This deal from the second round appeared to be a bidding test for EW, but at the table I was watching, it also proved to be a defensive problem:
1} 1+, natural or 12‐14 balanced or 18‐19 balanced or any 1444 (15points can contain 5)
South led the 2 and declarer took North’s king with the ace and played three rounds of hearts ending in dummy. Had the suit divided she would have tried for four tricks in spades. When South discarded on the third round declarer played the K and South won and played the 4 for two down.
2 18-19 NT or any game force (not )
2 Transfer to 2NT
For the second time 6 was never in the picture.
South led the 4 and declarer won with the ace and played a diamond to the king. When it held she continued with the queen of diamonds dropping the jack and North pitched the 8. When South ducked for a second time declarer changed tack, cashing the top spades, finishing with ten tricks.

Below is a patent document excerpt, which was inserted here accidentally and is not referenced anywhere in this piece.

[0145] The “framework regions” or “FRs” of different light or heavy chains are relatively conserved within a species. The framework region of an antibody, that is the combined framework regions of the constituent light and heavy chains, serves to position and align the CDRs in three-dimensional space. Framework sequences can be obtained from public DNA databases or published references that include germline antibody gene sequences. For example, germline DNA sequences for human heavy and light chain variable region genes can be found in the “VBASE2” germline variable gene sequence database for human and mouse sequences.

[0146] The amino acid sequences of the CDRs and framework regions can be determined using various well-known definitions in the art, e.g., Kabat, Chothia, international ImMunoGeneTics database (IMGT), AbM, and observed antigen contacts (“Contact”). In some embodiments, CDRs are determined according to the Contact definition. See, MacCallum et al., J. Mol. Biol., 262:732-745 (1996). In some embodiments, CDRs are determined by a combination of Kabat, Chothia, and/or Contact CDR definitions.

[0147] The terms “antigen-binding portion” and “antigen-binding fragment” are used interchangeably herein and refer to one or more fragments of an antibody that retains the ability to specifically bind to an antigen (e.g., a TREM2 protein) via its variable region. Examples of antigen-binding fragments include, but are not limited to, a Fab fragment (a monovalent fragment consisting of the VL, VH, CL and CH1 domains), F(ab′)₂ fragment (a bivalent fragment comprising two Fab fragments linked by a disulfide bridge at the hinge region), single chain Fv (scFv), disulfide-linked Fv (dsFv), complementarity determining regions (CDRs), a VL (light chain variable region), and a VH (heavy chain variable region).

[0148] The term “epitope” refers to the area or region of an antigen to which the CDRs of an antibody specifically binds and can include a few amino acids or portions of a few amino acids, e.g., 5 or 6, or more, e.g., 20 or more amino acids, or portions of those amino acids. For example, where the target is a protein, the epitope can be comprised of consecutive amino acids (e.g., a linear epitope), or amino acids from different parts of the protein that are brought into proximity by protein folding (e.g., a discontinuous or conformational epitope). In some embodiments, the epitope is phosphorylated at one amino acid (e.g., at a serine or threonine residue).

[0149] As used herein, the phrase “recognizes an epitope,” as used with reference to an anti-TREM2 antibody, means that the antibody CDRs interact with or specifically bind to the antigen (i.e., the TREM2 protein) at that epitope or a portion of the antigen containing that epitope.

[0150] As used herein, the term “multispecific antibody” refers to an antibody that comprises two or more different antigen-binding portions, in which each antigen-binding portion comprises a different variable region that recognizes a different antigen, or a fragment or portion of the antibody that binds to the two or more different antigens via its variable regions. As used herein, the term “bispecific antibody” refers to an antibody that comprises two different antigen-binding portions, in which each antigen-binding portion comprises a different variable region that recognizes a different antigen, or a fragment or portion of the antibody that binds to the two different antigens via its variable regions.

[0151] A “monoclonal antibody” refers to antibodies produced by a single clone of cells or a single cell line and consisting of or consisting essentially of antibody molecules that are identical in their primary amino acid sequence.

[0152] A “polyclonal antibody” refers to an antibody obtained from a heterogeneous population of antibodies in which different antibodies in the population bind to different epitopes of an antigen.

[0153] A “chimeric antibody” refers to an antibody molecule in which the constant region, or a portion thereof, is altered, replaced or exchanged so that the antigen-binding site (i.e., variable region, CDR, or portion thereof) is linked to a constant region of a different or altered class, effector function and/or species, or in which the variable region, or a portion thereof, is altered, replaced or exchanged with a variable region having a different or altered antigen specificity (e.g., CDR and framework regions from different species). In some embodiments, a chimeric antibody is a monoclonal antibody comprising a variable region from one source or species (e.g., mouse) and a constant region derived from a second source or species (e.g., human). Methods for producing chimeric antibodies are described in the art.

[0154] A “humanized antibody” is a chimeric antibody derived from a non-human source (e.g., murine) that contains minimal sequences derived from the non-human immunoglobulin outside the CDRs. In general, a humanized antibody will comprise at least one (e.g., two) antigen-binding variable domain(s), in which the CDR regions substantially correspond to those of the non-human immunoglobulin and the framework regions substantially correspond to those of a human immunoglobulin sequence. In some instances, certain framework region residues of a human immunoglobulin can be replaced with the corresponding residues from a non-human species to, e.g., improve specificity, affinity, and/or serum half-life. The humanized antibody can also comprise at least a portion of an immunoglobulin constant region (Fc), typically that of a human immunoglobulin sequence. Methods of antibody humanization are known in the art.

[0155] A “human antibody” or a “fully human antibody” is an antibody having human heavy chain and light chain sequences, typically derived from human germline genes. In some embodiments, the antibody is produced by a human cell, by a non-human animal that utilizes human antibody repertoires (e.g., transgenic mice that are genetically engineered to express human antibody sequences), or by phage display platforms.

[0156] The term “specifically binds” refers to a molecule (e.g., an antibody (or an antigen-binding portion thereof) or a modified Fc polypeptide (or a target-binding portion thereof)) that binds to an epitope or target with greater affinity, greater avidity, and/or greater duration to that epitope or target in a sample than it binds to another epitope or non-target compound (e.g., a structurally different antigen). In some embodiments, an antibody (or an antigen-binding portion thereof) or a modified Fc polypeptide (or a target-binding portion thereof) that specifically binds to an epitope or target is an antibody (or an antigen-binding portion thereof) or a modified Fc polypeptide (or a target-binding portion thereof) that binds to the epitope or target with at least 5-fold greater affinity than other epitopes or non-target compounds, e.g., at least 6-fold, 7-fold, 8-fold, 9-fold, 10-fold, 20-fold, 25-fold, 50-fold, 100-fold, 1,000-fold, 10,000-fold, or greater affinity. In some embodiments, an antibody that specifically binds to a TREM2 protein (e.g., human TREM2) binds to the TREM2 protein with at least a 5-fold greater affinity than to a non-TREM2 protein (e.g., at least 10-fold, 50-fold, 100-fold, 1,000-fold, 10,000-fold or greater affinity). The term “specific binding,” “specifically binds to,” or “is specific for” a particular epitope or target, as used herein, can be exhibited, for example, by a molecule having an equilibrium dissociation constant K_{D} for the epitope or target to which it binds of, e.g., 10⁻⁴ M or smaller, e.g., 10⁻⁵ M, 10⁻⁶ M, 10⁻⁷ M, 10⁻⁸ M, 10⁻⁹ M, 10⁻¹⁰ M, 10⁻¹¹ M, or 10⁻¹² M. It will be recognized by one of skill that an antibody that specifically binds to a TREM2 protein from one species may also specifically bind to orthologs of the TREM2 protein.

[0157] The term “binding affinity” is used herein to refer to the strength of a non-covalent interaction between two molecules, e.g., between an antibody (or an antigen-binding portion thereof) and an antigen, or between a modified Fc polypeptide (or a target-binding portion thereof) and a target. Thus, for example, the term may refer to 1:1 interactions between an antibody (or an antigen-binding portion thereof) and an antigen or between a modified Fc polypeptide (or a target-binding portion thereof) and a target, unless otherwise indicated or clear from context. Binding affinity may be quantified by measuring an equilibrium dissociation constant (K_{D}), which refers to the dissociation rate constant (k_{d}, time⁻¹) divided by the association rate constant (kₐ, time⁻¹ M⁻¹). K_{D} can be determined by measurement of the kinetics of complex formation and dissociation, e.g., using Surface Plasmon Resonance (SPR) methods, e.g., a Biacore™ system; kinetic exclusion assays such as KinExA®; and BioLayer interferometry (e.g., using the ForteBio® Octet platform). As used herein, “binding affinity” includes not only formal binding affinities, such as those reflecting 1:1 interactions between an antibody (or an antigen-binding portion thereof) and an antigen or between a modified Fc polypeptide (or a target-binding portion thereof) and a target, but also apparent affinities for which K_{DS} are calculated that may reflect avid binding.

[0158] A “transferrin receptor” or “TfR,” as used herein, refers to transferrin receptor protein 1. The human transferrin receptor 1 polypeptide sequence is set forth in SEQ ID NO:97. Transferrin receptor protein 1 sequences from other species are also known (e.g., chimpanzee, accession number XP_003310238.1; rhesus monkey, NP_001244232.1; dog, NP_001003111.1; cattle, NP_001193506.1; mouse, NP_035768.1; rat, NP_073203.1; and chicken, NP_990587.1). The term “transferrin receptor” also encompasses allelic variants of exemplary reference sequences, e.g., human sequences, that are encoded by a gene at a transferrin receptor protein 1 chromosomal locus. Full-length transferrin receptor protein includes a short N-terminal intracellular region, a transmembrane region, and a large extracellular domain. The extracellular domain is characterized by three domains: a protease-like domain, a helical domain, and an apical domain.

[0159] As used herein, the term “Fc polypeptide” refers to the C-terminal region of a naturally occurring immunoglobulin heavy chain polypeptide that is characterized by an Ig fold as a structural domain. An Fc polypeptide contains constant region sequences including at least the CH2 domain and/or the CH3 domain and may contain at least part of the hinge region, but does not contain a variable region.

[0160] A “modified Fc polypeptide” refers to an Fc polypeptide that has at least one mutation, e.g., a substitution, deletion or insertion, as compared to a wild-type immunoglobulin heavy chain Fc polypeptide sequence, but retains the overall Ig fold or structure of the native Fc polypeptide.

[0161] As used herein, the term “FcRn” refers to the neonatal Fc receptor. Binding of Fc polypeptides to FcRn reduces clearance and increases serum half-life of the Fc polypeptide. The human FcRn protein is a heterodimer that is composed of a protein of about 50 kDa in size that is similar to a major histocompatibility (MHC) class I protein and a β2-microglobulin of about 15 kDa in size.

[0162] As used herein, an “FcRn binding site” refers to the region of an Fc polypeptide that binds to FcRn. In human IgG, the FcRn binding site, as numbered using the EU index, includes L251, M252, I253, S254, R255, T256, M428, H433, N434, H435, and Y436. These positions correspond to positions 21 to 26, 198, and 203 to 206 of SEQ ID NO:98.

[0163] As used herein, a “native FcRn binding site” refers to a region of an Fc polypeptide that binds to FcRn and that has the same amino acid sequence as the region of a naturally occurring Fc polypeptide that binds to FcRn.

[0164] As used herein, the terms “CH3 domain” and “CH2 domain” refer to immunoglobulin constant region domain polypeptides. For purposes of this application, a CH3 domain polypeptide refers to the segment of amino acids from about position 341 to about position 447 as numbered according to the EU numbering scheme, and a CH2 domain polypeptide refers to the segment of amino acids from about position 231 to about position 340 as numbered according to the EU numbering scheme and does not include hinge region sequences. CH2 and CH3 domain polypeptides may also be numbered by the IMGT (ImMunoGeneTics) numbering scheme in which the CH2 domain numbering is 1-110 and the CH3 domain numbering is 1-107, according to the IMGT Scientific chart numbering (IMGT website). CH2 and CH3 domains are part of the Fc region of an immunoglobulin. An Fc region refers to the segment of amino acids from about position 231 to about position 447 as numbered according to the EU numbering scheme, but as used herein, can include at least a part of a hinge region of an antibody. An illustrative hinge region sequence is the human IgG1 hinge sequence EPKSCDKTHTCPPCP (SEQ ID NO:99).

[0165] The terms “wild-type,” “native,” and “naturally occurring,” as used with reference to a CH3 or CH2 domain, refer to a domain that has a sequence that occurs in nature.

I can’t explain why South ducked the second diamond (her partner could hardly have an ace in addition to the K) but could North have done anything to make things even easier?
Assuming the club lead promises an honour, North knows that the defenders can cash four tricks as soon as they get the lead. To alert South to that, maybe North should discard the Q! That should make it clear to South that she should grab the A and play clubs.